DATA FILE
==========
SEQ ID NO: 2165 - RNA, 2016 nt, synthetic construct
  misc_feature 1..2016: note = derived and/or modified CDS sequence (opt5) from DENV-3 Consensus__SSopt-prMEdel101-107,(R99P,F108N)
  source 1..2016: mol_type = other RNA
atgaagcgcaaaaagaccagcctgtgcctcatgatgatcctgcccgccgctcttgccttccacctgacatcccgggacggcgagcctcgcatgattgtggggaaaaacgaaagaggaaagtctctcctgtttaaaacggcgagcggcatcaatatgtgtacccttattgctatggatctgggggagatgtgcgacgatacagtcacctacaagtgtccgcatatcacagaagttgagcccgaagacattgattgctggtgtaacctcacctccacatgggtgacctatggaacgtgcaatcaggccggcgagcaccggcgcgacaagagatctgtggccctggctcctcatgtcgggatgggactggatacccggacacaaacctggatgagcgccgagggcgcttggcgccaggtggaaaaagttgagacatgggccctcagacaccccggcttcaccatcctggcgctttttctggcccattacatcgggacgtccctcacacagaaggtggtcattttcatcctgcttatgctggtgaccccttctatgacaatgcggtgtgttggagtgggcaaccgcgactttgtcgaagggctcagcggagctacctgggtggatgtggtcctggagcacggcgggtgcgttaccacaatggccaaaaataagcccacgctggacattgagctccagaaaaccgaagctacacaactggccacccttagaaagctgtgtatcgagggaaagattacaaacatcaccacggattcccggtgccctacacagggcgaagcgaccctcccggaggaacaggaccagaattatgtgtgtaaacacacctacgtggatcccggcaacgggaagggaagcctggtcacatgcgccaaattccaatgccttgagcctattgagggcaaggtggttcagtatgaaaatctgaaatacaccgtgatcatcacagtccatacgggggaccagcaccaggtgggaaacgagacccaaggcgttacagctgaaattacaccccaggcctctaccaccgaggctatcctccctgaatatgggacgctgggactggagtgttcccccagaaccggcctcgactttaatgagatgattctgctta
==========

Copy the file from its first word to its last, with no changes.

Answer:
SEQ ID NO: 2165 - RNA, 2016 nt, synthetic construct
  misc_feature 1..2016: note = derived and/or modified CDS sequence (opt5) from DENV-3 Consensus__SSopt-prMEdel101-107,(R99P,F108N)
  source 1..2016: mol_type = other RNA
atgaagcgcaaaaagaccagcctgtgcctcatgatgatcctgcccgccgctcttgccttccacctgacatcccgggacggcgagcctcgcatgattgtggggaaaaacgaaagaggaaagtctctcctgtttaaaacggcgagcggcatcaatatgtgtacccttattgctatggatctgggggagatgtgcgacgatacagtcacctacaagtgtccgcatatcacagaagttgagcccgaagacattgattgctggtgtaacctcacctccacatgggtgacctatggaacgtgcaatcaggccggcgagcaccggcgcgacaagagatctgtggccctggctcctcatgtcgggatgggactggatacccggacacaaacctggatgagcgccgagggcgcttggcgccaggtggaaaaagttgagacatgggccctcagacaccccggcttcaccatcctggcgctttttctggcccattacatcgggacgtccctcacacagaaggtggtcattttcatcctgcttatgctggtgaccccttctatgacaatgcggtgtgttggagtgggcaaccgcgactttgtcgaagggctcagcggagctacctgggtggatgtggtcctggagcacggcgggtgcgttaccacaatggccaaaaataagcccacgctggacattgagctccagaaaaccgaagctacacaactggccacccttagaaagctgtgtatcgagggaaagattacaaacatcaccacggattcccggtgccctacacagggcgaagcgaccctcccggaggaacaggaccagaattatgtgtgtaaacacacctacgtggatcccggcaacgggaagggaagcctggtcacatgcgccaaattccaatgccttgagcctattgagggcaaggtggttcagtatgaaaatctgaaatacaccgtgatcatcacagtccatacgggggaccagcaccaggtgggaaacgagacccaaggcgttacagctgaaattacaccccaggcctctaccaccgaggctatcctccctgaatatgggacgctgggactggagtgttcccccagaaccggcctcgactttaatgagatgattctgctta